The Faith Community’s Statement on the May 2013 Jobless Numbers & Public Sector Workers
June 7, 2013
As people of faith, we continue to be concerned about our country’s slow economic recovery. With this month’s release of unemployment rates, we see yet another sign that while economists say that the recession has ended, the reality of unemployment and under-employment remains true for millions of Americans—particularly those often left on the margins of the conversation
about economic recovery.
The unemployment rate in the month of May increased slightly to 7.6%. While the total jobless number is 11.8 million, 175,000 jobs were created in May. Still there remains a startling 4.4 million who are long term unemployed (those jobless for 27 weeks or more) — 37.3% of the unemployed population. Among specific worker groups the unemployment for adult men was 7.2%, adult women 6.5%, whites 6.7%, blacks 13.5%, Hispanics 9.1%, and Asians 4.3%.
Though economic signs indicate that the U.S. is slowly starting to recover from the most recent recession, the public sector is still struggling tremendously with job loss. Public sector jobs include construction workers, teachers, health professionals, sanitation workers, firefighters, transportation workers, and government employees, among other positions. They are the people
who help run and protect almost every aspect of our country’s public business. Still, according to a recent report by the National Women’s Law Center, “For both men and women the public sector was the only major sector which lost jobs between January 2012-January 2013. The sector overall lost 74,000 jobs in the last year, 63,000 of which—over 85 percent—were women’s jobs. Since women make up about 57 percent of public sector employees, the cuts in 2012 represented strikingly disproportionate losses for women.”
Public sector job loss has been particularly troublesome because in a typical recession, public employment is a source of stability and economic strength. But in the past few years, budget cuts at the national, state, and local levels have instead contributed to the downturn and boosted unemployment. Ben Polak, chairman of the Economics Department at Yale University, and Peter Schott, professor of economics at the Yale School of Management, wrote in 2012, “There is something historically different about this recession and its aftermath: in the past local government employment has been almost recession-proof. This time it’s not. Going back as long as the data have been collected (1955), with the one exception of the 1981 recession, local government employment continued to grow almost every month regardless of what the economy threw at it. But since the latest recession began, local government employment has fallen by 3 percent, and is still falling.” They go on to state, “If state and local governments had followed the pattern of the previous two recessions, they would have added 1.4 million to 1.9 million jobs.”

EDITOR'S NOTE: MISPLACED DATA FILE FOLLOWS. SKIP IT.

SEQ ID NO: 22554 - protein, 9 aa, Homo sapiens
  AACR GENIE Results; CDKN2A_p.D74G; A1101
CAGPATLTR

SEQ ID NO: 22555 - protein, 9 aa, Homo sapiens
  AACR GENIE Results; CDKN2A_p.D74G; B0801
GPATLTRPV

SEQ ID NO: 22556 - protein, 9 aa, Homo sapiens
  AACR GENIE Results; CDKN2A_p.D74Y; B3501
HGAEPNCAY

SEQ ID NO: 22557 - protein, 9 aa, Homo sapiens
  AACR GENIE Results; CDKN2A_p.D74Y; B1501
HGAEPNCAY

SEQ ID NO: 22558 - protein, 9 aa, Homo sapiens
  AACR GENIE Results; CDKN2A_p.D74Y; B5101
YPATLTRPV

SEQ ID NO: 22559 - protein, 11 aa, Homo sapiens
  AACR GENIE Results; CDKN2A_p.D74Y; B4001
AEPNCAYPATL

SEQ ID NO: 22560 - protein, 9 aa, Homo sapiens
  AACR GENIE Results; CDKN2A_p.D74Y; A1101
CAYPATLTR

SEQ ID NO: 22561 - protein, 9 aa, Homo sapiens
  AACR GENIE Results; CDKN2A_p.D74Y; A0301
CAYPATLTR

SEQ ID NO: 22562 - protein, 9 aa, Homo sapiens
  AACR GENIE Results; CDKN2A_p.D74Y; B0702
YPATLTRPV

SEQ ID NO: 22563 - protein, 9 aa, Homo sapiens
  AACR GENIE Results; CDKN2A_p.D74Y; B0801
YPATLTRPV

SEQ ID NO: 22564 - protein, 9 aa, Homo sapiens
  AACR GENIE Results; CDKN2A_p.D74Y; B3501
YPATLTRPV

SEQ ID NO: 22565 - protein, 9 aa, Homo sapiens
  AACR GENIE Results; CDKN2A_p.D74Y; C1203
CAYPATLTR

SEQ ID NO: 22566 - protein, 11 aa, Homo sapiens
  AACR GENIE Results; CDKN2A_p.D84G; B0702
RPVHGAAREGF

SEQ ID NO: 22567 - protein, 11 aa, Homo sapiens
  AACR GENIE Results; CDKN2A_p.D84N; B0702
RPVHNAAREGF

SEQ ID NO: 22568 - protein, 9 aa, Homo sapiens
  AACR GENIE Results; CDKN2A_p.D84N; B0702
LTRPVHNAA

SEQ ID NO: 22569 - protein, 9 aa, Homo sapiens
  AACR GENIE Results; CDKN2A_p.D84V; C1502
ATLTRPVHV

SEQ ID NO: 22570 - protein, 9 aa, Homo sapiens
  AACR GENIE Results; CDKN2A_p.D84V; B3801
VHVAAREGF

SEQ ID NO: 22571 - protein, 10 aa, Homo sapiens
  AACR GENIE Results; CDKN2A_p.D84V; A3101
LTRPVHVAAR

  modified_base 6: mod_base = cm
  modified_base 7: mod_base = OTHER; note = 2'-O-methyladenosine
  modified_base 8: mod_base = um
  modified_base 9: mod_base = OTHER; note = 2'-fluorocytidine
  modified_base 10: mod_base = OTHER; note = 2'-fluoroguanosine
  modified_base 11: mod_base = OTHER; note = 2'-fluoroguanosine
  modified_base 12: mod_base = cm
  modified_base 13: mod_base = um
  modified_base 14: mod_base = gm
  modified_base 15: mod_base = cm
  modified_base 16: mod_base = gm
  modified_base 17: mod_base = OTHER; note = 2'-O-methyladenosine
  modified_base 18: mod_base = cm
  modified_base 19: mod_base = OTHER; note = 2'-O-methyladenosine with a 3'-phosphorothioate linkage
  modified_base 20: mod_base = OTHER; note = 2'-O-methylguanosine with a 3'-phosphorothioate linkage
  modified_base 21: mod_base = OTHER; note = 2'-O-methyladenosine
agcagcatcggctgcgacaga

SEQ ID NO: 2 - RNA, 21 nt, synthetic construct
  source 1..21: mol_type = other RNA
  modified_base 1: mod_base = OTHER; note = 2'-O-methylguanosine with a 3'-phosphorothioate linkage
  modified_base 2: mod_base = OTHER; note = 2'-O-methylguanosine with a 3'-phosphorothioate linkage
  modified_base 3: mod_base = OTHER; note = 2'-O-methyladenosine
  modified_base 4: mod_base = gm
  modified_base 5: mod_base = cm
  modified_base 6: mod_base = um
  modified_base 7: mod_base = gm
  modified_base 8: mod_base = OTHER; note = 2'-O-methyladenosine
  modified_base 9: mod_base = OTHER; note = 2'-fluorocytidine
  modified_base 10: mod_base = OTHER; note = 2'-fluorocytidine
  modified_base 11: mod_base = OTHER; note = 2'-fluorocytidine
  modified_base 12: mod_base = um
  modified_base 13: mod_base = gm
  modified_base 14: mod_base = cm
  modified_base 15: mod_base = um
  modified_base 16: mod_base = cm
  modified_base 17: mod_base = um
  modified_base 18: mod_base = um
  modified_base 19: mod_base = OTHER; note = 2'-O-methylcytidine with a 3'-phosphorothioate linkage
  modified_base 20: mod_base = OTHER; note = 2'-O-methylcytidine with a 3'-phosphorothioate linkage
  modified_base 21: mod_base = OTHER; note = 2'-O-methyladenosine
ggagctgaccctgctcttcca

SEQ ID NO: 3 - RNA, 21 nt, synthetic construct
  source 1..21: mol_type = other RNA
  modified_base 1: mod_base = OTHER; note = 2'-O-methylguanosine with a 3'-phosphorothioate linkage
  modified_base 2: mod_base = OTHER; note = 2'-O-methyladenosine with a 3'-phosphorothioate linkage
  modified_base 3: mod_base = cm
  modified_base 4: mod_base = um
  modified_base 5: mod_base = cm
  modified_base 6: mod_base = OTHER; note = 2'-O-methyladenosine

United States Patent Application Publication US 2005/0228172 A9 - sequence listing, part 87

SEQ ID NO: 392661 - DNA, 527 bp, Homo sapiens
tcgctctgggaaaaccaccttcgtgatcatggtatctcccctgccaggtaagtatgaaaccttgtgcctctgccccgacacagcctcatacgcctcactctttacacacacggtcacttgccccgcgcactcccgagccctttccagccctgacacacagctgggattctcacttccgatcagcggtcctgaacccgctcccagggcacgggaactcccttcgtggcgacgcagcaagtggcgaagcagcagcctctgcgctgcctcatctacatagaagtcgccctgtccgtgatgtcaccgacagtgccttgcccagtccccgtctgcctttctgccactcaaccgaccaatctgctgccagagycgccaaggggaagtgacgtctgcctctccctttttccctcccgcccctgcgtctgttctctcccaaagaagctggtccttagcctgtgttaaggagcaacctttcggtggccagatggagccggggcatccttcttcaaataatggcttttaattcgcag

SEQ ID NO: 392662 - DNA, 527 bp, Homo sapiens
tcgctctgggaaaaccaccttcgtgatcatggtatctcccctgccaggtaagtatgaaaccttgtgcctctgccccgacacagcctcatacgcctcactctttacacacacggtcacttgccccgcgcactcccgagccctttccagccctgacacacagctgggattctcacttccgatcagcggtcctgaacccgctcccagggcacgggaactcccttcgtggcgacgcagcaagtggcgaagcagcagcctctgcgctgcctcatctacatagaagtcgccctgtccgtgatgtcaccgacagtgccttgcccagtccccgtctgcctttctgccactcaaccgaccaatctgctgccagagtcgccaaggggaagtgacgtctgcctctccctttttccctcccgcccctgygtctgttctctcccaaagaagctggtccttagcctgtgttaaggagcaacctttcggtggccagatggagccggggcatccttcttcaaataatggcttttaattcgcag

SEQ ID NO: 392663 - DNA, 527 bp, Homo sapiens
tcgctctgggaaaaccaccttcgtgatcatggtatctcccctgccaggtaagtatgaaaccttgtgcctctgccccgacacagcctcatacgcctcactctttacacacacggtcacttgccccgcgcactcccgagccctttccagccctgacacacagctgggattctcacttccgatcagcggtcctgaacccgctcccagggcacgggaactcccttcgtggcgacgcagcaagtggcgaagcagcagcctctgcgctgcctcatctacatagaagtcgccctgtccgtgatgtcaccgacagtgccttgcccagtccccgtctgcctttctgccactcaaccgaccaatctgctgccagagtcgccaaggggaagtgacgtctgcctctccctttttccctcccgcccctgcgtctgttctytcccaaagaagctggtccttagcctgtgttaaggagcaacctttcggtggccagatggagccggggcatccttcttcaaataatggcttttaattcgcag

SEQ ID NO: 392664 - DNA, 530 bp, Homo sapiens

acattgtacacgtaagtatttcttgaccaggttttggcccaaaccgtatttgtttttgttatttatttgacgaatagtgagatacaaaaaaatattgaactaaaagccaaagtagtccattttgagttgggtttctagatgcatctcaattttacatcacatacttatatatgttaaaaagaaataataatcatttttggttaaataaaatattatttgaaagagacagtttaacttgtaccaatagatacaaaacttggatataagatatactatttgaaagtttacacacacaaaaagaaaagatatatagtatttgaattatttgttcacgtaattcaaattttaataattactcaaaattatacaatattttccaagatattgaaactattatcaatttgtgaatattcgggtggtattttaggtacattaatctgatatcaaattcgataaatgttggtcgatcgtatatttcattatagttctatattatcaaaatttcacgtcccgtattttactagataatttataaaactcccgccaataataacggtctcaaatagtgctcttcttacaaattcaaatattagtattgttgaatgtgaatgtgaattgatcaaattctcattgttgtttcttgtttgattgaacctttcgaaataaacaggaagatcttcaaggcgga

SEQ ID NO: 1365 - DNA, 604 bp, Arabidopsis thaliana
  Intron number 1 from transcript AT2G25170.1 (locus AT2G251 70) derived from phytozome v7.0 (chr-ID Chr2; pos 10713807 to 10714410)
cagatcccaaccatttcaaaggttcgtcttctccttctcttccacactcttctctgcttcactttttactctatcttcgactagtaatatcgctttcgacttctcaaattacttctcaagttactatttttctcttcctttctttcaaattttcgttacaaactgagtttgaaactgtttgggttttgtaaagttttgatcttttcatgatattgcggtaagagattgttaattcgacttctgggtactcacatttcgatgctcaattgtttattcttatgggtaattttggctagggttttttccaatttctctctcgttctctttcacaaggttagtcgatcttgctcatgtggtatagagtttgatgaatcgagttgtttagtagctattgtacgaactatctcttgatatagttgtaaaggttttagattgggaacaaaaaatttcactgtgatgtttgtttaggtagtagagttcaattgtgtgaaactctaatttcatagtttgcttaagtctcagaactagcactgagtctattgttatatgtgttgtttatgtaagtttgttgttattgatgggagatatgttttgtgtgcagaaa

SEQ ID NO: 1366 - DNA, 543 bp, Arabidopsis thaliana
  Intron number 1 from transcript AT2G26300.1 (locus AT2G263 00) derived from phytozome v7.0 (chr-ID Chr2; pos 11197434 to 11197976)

The on-going budget cuts came to a head in recent months when federal budget across-0the-board spending cuts (the sequester) went into effect—harming thousands of public sector workers. Many employees have been furloughed for unseen periods of time, others have lost their jobs all together, and as sequestration continues to drag on, we learn each day of more cuts to jobs and services they provide. The Congressional Budget Office estimates that sequestration will cost the U.S. economy 750,000 jobs in 2013 alone. These job loses cause a ripple effect, harming not just public sector workers but the also the contractors, services, and industries that support them.
As we consider these monthly reflections of our economy’s health, we remind our elected officials that they must act now on legislation that aims to create jobs and strengthen our economy for those who are at greatest risk of impoverishment and hardship, especially public sector workers. As scripture tells us, “One who withholds what is due to the poor affronts the Creator; one who cares for the needy honors God.”-Proverbs 14:31.
You can find DHN’s Jobs Statement of Principles at http://domestichumanneeds.org/uploads/DHN-Jobs-Statement-of-Principles.pdf.
American Friends Service Committee
Bread for the World
Church of the Brethren
Disciples Justice Action Network
Friends Committee on National Legislation
Interfaith Worker Justice
Jewish Council for Public Affairs
The Jewish Federations of North America
Mennonite Central Committee U.S. Washington Office
National Advocacy Center of the Sisters of the Good Shepherd
National Council of Churches
National Council of Jewish Women
NETWORK, A National Catholic Social Justice Lobby
The Office of Social Justice of the Christian Reformed Church
Presbyterian Church (U.S.A.)
Sisters of Mercy of the Americas’ Institute Justice Team
Union for Reform Judaism
The Unitarian Universalist Association of Congregations
United Church of Christ Justice and Witness Ministries
The United Methodist Church General Board of Church and Society